Biases in natural history collections may arise around certain climates and in remote areas, which in turn may impact the results of scientific studies based on data from such collections. This can be especially pronounced in time-sensitive phenological studies.
This study examines 29,000 herbarium specimens from Nunavut—the largest and most northerly territory of Canada—deposited at the National Herbarium of Canada (available through GBIF) to assess biases across time, space, and phenology, among others.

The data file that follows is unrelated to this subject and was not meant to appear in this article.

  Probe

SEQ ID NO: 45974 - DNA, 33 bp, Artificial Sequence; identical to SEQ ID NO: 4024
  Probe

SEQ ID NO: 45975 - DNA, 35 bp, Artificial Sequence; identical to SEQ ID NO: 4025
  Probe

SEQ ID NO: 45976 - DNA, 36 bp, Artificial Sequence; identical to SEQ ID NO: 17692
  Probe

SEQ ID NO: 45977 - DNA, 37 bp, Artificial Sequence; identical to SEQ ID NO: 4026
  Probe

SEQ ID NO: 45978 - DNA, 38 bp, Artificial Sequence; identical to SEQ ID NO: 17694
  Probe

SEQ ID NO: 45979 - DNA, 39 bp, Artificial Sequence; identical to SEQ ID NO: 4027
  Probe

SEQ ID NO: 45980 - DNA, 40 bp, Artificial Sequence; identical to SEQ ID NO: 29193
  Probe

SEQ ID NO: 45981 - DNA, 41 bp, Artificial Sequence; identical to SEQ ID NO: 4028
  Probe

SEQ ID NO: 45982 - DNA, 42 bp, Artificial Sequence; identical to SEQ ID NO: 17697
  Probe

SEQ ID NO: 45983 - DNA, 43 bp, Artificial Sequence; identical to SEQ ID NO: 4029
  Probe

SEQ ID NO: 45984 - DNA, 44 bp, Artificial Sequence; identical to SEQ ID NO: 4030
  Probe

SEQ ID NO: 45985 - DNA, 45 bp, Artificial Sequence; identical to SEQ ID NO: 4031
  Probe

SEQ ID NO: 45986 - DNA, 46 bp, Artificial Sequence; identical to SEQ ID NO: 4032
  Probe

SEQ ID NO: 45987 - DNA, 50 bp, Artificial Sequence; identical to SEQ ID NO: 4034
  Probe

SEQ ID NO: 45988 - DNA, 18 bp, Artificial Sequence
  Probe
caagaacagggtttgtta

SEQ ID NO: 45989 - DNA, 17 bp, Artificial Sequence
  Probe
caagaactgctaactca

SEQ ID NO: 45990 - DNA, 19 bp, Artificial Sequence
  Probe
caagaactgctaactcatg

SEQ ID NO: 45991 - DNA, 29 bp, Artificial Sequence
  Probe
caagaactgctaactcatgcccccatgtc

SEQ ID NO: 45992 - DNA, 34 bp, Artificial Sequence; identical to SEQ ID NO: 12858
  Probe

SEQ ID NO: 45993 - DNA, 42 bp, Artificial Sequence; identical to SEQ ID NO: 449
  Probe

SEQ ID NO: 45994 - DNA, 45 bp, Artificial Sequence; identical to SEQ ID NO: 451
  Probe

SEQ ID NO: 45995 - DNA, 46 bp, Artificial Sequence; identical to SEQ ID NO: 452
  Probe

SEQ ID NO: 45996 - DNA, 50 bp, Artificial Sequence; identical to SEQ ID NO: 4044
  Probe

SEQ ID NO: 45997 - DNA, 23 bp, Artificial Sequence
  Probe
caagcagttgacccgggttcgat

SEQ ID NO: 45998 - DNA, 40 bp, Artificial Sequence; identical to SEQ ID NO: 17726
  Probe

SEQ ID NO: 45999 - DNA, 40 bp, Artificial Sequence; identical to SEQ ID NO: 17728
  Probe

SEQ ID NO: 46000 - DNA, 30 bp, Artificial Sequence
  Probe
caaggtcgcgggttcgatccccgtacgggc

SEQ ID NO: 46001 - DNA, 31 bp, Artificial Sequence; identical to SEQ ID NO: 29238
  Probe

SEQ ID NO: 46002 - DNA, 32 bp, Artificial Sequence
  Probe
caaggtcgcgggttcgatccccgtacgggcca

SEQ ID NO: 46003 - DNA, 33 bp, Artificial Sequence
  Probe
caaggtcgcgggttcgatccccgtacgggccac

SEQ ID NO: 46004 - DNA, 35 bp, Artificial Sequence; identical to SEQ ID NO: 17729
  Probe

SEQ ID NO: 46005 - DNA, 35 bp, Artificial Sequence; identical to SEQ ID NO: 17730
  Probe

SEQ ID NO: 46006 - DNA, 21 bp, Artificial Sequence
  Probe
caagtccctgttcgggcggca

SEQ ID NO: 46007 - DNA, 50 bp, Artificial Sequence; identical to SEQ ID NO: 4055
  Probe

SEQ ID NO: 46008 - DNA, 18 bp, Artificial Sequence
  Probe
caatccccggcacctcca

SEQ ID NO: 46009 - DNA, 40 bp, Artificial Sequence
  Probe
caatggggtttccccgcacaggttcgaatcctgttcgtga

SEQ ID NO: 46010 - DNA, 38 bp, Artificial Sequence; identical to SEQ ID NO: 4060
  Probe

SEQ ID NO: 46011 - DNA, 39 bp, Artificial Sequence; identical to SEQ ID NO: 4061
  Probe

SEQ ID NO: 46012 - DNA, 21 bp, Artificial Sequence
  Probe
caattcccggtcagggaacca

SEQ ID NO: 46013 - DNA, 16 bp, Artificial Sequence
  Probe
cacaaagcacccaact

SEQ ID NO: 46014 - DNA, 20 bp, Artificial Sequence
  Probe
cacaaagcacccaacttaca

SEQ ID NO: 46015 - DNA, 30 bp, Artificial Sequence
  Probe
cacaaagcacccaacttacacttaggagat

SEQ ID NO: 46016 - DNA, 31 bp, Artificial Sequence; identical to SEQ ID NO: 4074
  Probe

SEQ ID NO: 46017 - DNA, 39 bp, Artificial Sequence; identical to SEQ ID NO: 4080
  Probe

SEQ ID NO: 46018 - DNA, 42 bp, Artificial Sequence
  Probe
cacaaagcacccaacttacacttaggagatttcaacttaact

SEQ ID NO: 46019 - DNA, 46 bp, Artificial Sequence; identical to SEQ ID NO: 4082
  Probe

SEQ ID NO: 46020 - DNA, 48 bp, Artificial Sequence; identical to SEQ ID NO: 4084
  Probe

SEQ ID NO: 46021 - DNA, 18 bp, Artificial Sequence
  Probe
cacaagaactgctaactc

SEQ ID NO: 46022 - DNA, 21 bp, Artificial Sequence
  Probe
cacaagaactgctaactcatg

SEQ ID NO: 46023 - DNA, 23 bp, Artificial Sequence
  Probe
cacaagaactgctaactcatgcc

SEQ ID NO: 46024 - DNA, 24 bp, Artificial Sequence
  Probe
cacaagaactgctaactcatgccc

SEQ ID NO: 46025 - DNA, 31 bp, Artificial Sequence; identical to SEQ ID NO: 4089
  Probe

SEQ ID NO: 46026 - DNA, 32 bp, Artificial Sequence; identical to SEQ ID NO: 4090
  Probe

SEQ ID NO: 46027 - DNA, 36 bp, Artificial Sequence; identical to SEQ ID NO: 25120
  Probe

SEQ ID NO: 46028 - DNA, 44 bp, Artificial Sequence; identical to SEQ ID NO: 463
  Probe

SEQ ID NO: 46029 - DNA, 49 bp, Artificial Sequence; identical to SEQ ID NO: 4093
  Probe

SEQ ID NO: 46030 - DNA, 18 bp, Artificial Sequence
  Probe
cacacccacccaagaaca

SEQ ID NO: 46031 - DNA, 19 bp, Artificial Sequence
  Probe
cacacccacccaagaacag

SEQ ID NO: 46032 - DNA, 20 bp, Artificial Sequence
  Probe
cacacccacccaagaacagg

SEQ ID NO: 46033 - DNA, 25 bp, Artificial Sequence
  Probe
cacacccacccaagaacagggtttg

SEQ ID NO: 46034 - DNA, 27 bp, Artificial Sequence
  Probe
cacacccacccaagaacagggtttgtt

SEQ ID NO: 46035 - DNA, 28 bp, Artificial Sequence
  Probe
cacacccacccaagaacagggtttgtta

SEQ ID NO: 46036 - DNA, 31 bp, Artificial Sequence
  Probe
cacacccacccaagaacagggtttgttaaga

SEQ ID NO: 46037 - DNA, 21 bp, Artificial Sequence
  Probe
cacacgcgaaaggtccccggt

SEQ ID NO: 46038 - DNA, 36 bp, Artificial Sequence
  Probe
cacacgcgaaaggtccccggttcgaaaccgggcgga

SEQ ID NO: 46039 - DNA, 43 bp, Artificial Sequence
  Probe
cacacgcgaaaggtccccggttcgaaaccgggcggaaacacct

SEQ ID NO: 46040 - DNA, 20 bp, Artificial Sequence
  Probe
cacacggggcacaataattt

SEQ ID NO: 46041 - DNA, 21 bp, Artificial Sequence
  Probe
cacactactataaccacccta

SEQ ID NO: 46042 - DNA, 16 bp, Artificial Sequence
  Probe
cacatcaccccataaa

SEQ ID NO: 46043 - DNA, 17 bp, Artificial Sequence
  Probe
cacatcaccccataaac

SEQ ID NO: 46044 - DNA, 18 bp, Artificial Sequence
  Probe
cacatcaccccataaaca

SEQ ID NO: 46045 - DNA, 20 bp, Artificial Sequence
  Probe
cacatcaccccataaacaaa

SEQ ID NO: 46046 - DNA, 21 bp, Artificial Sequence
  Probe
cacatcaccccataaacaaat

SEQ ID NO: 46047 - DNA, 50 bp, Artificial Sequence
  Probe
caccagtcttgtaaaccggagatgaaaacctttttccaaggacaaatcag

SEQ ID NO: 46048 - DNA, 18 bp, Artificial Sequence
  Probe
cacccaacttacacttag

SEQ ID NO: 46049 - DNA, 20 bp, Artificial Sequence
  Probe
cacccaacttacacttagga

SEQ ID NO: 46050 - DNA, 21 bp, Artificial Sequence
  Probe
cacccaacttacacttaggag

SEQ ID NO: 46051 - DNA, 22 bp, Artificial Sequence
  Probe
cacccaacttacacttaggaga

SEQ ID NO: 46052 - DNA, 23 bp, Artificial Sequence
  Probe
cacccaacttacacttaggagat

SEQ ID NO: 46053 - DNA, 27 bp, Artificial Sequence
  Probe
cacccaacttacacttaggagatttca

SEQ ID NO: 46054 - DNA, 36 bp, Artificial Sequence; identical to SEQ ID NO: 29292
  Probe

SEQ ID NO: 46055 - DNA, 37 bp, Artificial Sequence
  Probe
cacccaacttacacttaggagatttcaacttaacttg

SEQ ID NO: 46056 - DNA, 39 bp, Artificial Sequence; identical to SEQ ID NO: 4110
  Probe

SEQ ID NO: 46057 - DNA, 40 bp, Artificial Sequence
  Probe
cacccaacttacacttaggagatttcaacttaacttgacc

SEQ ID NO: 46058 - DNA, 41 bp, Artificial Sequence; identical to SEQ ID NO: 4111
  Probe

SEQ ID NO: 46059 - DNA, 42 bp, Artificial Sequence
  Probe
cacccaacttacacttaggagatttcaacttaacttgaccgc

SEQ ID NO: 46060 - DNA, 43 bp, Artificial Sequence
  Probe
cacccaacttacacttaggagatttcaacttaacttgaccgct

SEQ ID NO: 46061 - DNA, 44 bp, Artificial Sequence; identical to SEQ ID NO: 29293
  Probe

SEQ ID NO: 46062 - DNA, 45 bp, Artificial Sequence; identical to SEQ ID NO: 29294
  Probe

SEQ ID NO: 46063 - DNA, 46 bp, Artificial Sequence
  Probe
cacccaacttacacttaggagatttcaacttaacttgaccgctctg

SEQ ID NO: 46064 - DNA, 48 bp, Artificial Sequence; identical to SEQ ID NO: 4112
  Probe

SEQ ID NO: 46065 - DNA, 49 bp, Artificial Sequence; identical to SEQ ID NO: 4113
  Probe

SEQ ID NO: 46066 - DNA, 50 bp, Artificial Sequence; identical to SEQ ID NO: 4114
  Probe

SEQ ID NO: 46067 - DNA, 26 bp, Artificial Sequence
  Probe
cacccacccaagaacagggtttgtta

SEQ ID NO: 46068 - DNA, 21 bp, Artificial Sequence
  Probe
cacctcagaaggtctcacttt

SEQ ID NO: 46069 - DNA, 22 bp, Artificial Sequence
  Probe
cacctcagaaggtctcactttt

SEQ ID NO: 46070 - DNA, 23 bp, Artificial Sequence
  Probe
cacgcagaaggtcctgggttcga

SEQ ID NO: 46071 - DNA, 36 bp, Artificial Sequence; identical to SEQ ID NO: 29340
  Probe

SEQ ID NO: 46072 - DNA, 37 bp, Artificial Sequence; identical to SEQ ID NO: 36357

The limited access to the region as well as very short snow-free periods are apparent in the results of the study, showing 85 per cent of specimens collected in July and August. In terms of spatial distribution, only 0.63 per cent of the region contained one or more specimens—with the highest density of records found near the capital, Iqaluit.
The study also finds a preference towards collecting flowering plants in peak flower, as more than two-thirds of specimens fall into these categories when assessing phenological phase and flowering stage, respectively.